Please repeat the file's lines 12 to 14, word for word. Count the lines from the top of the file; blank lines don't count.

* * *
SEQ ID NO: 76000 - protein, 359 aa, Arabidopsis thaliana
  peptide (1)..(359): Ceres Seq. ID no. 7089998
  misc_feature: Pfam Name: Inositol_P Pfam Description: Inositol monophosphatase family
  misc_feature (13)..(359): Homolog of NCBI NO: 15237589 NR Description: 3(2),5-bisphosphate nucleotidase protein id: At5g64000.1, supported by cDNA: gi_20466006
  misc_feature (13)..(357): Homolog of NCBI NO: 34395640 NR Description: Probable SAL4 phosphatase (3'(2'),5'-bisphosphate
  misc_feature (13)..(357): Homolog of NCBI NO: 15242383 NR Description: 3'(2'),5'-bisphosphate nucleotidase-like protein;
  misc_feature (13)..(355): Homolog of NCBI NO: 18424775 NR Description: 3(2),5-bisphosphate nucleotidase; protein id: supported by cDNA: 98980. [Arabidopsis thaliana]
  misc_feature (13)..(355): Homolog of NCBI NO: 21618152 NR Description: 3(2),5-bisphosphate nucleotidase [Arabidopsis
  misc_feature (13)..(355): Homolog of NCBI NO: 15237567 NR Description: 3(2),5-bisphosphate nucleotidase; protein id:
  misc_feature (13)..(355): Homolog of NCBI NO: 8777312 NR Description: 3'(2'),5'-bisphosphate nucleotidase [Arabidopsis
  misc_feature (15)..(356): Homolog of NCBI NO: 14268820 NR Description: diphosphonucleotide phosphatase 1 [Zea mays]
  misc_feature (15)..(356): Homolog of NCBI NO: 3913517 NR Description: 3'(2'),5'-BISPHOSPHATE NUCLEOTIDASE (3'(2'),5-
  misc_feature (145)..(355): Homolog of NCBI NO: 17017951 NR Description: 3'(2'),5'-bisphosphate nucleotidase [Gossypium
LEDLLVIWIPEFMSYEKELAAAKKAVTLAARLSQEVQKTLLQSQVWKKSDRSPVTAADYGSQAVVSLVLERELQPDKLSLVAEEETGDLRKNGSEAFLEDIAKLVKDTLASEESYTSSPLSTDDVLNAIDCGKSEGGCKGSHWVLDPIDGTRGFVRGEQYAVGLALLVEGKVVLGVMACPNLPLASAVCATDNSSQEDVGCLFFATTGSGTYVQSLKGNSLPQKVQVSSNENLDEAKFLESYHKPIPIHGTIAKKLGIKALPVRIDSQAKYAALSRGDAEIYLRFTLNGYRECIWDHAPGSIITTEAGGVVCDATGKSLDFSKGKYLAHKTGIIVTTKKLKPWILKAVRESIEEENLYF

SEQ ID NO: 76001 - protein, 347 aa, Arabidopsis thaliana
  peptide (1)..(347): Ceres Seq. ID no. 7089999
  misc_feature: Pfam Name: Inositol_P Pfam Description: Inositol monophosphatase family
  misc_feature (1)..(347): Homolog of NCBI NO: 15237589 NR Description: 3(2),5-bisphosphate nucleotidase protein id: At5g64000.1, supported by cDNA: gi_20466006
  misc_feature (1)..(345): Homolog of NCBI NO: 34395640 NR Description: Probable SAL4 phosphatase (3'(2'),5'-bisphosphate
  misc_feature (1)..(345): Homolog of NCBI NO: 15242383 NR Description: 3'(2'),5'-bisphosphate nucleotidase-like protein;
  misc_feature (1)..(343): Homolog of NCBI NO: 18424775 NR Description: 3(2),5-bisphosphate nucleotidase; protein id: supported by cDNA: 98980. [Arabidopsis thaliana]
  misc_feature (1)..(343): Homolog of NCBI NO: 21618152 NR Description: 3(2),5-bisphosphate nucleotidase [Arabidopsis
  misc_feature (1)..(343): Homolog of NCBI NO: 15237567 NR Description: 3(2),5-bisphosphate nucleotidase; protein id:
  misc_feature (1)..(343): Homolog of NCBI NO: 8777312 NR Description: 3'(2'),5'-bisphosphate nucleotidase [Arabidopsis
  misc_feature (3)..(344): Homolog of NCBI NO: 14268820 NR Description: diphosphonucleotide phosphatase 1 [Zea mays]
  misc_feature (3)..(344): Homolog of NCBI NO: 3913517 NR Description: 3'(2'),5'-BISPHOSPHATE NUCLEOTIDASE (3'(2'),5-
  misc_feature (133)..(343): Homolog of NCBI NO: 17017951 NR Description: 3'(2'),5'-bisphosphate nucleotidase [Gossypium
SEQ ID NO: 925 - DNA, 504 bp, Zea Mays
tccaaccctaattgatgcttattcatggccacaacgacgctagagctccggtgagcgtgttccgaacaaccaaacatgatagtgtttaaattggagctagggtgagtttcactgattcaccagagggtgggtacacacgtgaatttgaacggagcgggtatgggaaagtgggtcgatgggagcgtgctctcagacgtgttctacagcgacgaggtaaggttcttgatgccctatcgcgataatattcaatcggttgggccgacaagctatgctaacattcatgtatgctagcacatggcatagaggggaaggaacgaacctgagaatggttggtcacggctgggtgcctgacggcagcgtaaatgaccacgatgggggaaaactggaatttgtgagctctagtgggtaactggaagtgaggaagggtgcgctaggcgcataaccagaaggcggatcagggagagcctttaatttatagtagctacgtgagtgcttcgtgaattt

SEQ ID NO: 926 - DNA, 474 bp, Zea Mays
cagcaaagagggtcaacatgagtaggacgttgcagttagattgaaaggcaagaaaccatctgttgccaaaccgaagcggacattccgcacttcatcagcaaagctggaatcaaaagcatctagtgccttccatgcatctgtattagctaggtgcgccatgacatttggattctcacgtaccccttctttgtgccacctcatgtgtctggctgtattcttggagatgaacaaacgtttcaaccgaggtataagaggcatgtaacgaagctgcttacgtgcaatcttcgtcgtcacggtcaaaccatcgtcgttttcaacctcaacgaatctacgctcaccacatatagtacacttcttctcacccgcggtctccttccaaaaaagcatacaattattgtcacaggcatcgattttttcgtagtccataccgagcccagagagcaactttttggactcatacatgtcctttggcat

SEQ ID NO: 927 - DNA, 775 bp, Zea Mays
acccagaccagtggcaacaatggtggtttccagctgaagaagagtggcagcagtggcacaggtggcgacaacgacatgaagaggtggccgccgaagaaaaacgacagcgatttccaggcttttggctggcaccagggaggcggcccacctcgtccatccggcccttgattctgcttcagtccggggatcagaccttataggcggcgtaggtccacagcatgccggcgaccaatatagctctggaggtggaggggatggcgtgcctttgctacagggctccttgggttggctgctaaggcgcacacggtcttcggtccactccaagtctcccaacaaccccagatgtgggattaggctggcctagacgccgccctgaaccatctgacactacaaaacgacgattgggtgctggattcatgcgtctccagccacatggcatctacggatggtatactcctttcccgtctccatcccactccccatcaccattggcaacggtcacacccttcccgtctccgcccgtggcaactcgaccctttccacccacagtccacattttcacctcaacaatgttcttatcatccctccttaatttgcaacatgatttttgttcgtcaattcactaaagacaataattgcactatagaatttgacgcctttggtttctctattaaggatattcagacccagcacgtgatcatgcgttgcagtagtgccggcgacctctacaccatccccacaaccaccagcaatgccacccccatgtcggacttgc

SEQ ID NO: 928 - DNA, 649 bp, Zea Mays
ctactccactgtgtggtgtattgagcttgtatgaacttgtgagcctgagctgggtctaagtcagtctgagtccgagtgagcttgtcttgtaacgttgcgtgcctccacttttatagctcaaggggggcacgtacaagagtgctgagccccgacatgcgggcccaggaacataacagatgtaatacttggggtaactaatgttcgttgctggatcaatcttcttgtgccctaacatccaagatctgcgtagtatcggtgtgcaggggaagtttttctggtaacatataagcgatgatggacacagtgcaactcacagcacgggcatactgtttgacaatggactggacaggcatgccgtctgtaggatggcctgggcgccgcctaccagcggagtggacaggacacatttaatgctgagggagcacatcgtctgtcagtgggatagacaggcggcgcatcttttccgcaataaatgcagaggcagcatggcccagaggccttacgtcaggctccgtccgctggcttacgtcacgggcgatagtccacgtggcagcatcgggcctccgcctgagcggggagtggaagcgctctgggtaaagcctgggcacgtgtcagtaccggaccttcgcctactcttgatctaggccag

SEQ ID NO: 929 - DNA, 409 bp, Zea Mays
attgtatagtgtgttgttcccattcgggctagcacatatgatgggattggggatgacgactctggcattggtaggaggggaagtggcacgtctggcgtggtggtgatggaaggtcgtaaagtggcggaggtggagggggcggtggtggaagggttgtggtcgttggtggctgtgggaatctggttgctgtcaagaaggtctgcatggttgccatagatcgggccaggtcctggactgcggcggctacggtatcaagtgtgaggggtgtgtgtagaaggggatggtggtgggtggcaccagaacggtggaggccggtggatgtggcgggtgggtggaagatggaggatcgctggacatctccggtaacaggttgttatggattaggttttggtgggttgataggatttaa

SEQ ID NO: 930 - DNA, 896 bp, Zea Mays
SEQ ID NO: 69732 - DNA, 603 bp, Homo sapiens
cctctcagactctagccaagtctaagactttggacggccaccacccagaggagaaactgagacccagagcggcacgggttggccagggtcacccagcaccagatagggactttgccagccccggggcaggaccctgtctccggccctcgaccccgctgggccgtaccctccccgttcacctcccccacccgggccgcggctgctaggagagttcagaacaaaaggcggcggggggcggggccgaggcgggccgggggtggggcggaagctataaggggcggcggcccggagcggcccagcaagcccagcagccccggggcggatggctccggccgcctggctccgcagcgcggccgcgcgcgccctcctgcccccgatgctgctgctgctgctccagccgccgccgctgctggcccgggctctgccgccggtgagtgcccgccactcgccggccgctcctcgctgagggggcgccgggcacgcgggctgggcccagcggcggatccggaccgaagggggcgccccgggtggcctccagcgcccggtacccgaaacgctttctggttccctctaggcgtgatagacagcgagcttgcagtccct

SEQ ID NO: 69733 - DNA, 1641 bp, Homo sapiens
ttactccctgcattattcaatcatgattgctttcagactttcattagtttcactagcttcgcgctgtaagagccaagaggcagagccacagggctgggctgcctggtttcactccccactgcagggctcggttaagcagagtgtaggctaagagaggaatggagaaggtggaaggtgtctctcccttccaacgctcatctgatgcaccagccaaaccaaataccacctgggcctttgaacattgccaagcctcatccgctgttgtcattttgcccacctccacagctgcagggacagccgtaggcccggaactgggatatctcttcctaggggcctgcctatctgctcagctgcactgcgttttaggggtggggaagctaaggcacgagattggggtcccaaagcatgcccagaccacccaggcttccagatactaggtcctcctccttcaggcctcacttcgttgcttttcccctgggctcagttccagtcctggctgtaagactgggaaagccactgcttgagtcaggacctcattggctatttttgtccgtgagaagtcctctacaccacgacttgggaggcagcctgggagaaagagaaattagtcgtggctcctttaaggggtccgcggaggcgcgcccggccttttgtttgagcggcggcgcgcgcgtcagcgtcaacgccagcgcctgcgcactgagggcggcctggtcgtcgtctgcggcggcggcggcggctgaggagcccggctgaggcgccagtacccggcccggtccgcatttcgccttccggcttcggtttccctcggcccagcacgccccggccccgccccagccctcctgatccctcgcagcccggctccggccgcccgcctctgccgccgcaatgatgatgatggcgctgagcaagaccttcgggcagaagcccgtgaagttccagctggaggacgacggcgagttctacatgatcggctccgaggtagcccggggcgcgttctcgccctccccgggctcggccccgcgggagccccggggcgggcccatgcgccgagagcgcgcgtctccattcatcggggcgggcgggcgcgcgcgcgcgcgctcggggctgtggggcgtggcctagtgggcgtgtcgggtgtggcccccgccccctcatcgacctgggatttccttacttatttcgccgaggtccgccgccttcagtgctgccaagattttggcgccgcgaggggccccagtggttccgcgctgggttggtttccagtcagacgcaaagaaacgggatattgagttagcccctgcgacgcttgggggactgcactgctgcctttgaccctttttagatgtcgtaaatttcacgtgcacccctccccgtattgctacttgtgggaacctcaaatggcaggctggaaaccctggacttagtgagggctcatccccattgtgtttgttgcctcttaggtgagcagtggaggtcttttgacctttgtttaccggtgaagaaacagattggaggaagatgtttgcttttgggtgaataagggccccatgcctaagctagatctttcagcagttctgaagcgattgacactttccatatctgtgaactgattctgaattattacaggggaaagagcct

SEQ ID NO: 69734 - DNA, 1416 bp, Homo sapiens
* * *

  misc_feature (15)..(356): Homolog of NCBI NO: 3913517 NR Description: 3'(2'),5'-BISPHOSPHATE NUCLEOTIDASE (3'(2'),5-
  misc_feature (145)..(355): Homolog of NCBI NO: 17017951 NR Description: 3'(2'),5'-bisphosphate nucleotidase [Gossypium
LEDLLVIWIPEFMSYEKELAAAKKAVTLAARLSQEVQKTLLQSQVWKKSDRSPVTAADYGSQAVVSLVLERELQPDKLSLVAEEETGDLRKNGSEAFLEDIAKLVKDTLASEESYTSSPLSTDDVLNAIDCGKSEGGCKGSHWVLDPIDGTRGFVRGEQYAVGLALLVEGKVVLGVMACPNLPLASAVCATDNSSQEDVGCLFFATTGSGTYVQSLKGNSLPQKVQVSSNENLDEAKFLESYHKPIPIHGTIAKKLGIKALPVRIDSQAKYAALSRGDAEIYLRFTLNGYRECIWDHAPGSIITTEAGGVVCDATGKSLDFSKGKYLAHKTGIIVTTKKLKPWILKAVRESIEEENLYF